Met Gala and Metropolitan Museum Exibition's Style in Koket's World
Met Gala and Metropolitan Museum Exibition’s Style in Koket’s World
Being in the spotlight challenges most celebrities to wear clothes and choose a style that reflect their personality and show off their individuality. Koket’s World works the same way: each single piece embrace its own personality and concept. Today we’ll show you how the style at the Met Gala and the Metropolitan Museum Exhibition fit perfectly into Koket’s World.
Met Gala 2015
The elegant silhouette of our Eternity chandelier takes its brilliance from the skillful application of the crystal. The eternal circles are individually wrapped in brass and placed with astonishing attention to detail. The end result is an extraordinary source of light. Just like Kim Kardashian, this piece is the star in every room.
Beyonce is definitely a KOKET’s style lady. Her playfully-patterned sundresses and coordinated accessories are festive, flirty, and feminine! She’s totally into our Koket’s world. Such as Beyonce, our Eternity Sconce is festive and girly and definitely transport you to another world in a crazy beautiful kind of way.
Just like our Geisha, Jennifer Lopez style is exotic but super classy. Designed to perform in a matter that indulges the eyes, the Geisha‘s curves grace a room with the extravagance and poise of a Kyoto Geisha. Fully upholstered tight back Sofa with soft tufting on the cushions. A polished brass band wraps the piece leading to a modern & sleek polished brass foot complimenting a fully upholstered black velvet structure.
The resemblance from this dress wore by Keri Russell from Altuzarra to our Divine Armoire, cannot be unseen. This utterly desirable double door pagoda top armoire is covered in delicate iridescent peacock feathers each individually placed. An exquisite metal ribbon opens the doors to a lavish interior graced with four antique mirror drawers & two adjustable glass shelves. Body finished in high gloss black lacquer, peacock feather covered doors, and base and top covered in gold leaf.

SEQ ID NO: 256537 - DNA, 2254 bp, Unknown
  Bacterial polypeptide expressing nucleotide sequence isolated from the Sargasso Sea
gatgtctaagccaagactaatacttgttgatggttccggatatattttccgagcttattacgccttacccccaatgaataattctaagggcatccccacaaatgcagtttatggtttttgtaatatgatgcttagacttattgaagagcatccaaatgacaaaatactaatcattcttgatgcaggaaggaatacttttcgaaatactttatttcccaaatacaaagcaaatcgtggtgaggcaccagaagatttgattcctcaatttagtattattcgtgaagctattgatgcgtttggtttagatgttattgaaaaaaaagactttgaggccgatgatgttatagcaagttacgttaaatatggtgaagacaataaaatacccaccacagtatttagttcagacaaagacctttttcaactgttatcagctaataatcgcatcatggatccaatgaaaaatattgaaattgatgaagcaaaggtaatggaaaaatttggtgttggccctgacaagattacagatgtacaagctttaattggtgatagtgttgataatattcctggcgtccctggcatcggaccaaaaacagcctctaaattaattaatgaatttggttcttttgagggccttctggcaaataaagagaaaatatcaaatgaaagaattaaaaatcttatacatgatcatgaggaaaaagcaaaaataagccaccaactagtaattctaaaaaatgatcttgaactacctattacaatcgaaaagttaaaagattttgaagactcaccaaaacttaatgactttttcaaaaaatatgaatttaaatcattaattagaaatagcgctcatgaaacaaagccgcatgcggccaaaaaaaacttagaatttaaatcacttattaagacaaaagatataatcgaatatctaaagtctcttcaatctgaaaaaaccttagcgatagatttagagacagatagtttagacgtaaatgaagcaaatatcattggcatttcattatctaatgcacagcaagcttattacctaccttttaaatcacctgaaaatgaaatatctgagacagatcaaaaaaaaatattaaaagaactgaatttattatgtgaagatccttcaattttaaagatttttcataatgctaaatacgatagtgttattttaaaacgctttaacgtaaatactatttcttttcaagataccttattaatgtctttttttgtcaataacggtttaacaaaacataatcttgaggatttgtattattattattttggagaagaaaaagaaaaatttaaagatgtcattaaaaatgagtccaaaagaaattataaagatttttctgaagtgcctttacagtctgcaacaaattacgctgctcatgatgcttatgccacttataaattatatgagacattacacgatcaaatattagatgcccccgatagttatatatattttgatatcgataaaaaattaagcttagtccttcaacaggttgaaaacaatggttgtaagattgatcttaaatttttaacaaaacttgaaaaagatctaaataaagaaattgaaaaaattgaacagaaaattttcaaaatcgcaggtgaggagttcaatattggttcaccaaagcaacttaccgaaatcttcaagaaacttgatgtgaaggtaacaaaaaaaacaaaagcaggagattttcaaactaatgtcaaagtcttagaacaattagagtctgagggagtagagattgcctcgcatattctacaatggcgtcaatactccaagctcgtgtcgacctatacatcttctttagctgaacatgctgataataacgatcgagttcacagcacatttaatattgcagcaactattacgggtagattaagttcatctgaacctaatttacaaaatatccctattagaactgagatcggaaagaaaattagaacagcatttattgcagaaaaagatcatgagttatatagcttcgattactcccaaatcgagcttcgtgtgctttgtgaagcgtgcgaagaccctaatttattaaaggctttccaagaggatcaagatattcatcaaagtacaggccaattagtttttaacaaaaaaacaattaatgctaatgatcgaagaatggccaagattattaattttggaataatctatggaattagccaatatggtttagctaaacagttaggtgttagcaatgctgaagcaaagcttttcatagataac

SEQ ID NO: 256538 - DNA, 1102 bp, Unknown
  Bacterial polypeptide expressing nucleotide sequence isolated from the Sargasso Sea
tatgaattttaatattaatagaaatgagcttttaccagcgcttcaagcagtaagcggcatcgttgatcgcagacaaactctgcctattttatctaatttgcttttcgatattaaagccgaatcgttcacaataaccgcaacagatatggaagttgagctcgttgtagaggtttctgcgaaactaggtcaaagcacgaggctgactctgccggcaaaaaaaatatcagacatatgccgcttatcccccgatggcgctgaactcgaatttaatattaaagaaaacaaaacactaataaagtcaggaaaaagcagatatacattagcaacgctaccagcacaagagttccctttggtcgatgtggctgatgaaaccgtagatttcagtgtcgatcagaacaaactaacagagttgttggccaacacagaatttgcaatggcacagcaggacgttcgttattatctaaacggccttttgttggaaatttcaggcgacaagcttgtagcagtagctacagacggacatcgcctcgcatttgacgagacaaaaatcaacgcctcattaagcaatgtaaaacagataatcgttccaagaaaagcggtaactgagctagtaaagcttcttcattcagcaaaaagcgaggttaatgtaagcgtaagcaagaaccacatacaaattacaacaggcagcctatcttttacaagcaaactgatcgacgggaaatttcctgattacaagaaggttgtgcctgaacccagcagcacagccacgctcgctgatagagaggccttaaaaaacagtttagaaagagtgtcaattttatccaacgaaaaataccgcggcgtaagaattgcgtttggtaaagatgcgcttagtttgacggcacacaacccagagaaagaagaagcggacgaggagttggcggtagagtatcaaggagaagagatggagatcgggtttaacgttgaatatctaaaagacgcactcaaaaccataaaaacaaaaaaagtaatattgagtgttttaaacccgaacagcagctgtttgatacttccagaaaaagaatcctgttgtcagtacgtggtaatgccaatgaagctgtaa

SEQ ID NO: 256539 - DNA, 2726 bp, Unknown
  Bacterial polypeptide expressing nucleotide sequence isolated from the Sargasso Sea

Metropolitan Museum Exhibition
In what is one of the biggest exhibitions undertaken by the Metropolitan Museum of Art in New York, the China: Through the Looking Glass exhibition which took more than 2 years to plan, showcases 150 dresses, gowns, costumes and accessories from 40 designers.
The new exhibition which opens and 7 May and runs through 16 August, is organized by The Costume Institute in collaboration with the Department of Asian Art, will explore the impact of Chinese aesthetics on Western fashion, and how China has fueled the fashionable imagination for centuries.
High fashion will be juxtaposed with Chinese costumes, paintings, porcelains, and other art, including films, to reveal enchanting reflections of Chinese imagery.
This Dress From Valentino represents the true idea of China Through the Looking glass. For us, the style and inspiration are as exotic as our Sevilliana. the Sevilliana sofa design embodies the graceful curves and attire of Sevillana dancing girls. Become entranced in the movement of modern lines drawing your eye down to the flirtatious fringe that skirts the base.
The innocent drama of a whimsical butterfly through the enchanted journey of life. The Nymph chandelier embraces the wild side of this rare and beautiful animal that so gracefully bejewels the lighting fixture. Delicate brass butterflies hover in the air in perfect harmony composing an overblown dramatic silhouette, which gives shape to a luxurious golden chandelier. Nymph is a truthful legacy of KOKET’s haute couture experience in exquisite goods, goddess-y shapes and hand-crafted drama. So dramatic as the Jean Paul Gautier dress.
Greek blue is one of the hottest trends in 2015. Both Boca do Lobo and Roberto Cavalli know this very well. Hand-painted-tiles have gained a privileged place in architecture throughout the centuries. Portugal has adopted them like no other country has and in order to honor the Portuguese hand painted tiles, Boca do Lobo created Heritage Sideboard. This piece presents a different number of layers, where each one tells a different story.
The exhibition takes its name from Lewis Carroll’s 1871 novel “Through the Looking-Glass, and What Alice Found There,” because it is about entering another world.
“Like Alice’s make-believe world, the China reflected in the fashion in the exhibition is fictional, fabulous and ancient, offering an alternate reality,” said curator Andrew Bolton, adding it is about the collective fantasy of China.
A maze of galleries showcase Chinese calligraphy, perfume bottles and blue-and-white porcelain along with print dresses, fabulous beaded gowns and embroidered jackets by the Western designers influenced by them. One room is devoted to opium and the Chinese impact on Yves Saint Laurent’s 1977 Fall/Winter collection with its Mongol-influenced fur jackets and coats.
Filmic representations of China will be incorporated throughout to reveal how our individual visions of China are framed by narratives that draw upon popular culture, and also to recognize the importance of cinema as a medium through which to understand the richness of Chinese history.